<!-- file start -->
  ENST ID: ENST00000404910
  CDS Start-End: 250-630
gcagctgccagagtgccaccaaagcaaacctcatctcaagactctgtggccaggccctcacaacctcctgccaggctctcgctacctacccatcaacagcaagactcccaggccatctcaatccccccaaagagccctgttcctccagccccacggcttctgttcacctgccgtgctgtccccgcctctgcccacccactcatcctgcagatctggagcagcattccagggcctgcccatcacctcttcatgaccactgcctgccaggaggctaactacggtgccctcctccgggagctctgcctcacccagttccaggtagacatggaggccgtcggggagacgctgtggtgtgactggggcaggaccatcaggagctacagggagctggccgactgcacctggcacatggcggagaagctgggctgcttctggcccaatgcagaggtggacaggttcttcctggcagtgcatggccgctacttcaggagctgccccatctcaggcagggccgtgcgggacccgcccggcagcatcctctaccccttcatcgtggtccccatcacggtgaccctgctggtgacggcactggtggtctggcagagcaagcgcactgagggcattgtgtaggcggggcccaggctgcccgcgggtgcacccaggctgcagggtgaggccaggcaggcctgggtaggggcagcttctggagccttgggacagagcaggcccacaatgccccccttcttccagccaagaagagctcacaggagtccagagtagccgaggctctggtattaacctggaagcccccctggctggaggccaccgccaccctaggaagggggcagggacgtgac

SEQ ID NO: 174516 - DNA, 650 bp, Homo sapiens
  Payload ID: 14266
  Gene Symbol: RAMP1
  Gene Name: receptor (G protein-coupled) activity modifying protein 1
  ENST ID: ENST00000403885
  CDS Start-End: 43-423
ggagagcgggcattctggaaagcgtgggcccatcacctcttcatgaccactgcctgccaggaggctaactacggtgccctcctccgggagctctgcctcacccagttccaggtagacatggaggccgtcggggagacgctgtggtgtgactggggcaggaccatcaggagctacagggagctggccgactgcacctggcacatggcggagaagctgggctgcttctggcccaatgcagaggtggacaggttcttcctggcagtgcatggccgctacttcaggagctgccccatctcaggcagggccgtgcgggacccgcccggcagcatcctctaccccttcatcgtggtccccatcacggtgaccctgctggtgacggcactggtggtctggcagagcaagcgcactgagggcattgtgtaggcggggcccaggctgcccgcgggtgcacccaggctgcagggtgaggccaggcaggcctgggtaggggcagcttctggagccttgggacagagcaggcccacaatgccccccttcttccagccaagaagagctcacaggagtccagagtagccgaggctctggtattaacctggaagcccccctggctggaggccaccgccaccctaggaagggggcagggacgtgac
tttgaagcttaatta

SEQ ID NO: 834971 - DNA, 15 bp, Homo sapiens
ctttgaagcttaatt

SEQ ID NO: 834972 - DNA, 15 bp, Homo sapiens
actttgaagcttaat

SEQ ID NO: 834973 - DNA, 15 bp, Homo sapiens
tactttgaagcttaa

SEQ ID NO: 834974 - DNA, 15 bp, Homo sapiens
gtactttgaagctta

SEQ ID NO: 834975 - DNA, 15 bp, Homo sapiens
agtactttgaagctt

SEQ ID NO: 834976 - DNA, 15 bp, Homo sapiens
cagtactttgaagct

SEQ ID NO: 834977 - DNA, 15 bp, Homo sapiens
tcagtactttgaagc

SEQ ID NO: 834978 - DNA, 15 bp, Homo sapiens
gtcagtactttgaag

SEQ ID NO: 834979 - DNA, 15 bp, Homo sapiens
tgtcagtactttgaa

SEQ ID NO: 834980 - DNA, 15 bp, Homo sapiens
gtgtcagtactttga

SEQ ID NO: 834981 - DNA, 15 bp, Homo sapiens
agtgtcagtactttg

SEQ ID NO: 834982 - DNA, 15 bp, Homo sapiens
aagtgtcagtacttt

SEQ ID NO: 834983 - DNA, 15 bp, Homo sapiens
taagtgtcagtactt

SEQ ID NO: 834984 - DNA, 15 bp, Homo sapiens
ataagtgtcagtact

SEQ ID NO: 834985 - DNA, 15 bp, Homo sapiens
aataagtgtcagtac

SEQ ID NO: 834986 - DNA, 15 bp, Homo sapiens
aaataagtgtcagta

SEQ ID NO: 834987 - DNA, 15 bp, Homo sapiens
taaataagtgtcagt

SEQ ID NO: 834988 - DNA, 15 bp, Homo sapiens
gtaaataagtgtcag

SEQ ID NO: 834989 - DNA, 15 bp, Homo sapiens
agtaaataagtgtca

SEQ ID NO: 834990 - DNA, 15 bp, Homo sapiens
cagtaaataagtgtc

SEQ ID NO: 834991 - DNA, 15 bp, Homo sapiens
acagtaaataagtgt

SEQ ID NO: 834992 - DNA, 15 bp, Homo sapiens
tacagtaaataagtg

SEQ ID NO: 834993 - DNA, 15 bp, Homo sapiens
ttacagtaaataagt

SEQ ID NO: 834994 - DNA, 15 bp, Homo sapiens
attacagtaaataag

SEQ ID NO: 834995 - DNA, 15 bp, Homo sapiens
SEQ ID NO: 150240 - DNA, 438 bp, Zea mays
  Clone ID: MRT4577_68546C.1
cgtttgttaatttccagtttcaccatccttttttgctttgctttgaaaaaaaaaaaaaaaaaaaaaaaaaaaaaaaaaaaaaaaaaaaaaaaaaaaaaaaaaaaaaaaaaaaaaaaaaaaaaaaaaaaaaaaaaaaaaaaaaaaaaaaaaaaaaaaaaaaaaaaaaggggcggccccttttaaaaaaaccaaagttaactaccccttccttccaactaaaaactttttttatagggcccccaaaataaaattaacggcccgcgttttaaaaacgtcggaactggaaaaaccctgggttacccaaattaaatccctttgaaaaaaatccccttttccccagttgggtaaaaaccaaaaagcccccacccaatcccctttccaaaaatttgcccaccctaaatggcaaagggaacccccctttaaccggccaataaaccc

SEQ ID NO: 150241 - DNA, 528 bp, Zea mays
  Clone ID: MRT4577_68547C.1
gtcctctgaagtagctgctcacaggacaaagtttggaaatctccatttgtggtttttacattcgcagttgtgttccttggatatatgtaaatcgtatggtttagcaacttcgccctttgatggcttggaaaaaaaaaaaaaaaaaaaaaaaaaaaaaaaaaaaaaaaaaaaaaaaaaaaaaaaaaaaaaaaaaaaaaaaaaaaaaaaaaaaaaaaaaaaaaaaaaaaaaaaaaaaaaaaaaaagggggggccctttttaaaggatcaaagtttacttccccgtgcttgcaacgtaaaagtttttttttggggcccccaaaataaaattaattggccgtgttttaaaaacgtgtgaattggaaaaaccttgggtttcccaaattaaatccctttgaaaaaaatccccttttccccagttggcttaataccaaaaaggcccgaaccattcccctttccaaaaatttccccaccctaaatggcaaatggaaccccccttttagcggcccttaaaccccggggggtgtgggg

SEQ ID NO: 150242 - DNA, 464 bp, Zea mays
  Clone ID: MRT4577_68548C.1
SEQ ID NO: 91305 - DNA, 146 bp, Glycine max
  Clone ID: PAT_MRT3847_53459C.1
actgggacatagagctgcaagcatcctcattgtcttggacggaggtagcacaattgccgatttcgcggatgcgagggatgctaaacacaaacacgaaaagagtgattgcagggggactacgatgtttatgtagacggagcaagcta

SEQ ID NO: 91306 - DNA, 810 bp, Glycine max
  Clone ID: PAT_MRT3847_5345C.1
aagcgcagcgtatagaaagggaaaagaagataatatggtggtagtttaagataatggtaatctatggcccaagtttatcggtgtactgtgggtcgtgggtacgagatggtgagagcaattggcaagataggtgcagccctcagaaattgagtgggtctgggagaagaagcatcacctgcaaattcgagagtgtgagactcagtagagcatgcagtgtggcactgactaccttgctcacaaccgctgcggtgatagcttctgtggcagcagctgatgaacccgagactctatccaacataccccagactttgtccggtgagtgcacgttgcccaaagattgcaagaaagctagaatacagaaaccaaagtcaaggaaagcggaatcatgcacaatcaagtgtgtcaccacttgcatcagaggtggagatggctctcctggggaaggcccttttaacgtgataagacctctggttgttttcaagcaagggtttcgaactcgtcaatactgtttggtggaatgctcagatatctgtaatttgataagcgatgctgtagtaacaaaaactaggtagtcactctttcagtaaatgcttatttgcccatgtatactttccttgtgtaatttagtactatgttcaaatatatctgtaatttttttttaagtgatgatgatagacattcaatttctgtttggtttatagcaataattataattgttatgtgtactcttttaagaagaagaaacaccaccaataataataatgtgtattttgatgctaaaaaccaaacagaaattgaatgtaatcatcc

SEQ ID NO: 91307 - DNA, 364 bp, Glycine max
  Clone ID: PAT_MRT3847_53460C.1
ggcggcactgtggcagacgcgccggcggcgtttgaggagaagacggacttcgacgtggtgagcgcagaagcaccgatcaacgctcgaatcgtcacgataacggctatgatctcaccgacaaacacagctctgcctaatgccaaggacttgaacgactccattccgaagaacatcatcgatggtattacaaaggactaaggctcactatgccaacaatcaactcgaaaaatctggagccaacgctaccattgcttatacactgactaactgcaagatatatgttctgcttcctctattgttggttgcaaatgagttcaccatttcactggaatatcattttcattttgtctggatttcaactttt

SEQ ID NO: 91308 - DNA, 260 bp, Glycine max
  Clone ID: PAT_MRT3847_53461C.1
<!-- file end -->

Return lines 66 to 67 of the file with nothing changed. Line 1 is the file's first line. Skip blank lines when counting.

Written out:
gtcctctgaagtagctgctcacaggacaaagtttggaaatctccatttgtggtttttacattcgcagttgtgttccttggatatatgtaaatcgtatggtttagcaacttcgccctttgatggcttggaaaaaaaaaaaaaaaaaaaaaaaaaaaaaaaaaaaaaaaaaaaaaaaaaaaaaaaaaaaaaaaaaaaaaaaaaaaaaaaaaaaaaaaaaaaaaaaaaaaaaaaaaaaaaaaaaaagggggggccctttttaaaggatcaaagtttacttccccgtgcttgcaacgtaaaagtttttttttggggcccccaaaataaaattaattggccgtgttttaaaaacgtgtgaattggaaaaaccttgggtttcccaaattaaatccctttgaaaaaaatccccttttccccagttggcttaataccaaaaaggcccgaaccattcccctttccaaaaatttccccaccctaaatggcaaatggaaccccccttttagcggcccttaaaccccggggggtgtgggg

SEQ ID NO: 150242 - DNA, 464 bp, Zea mays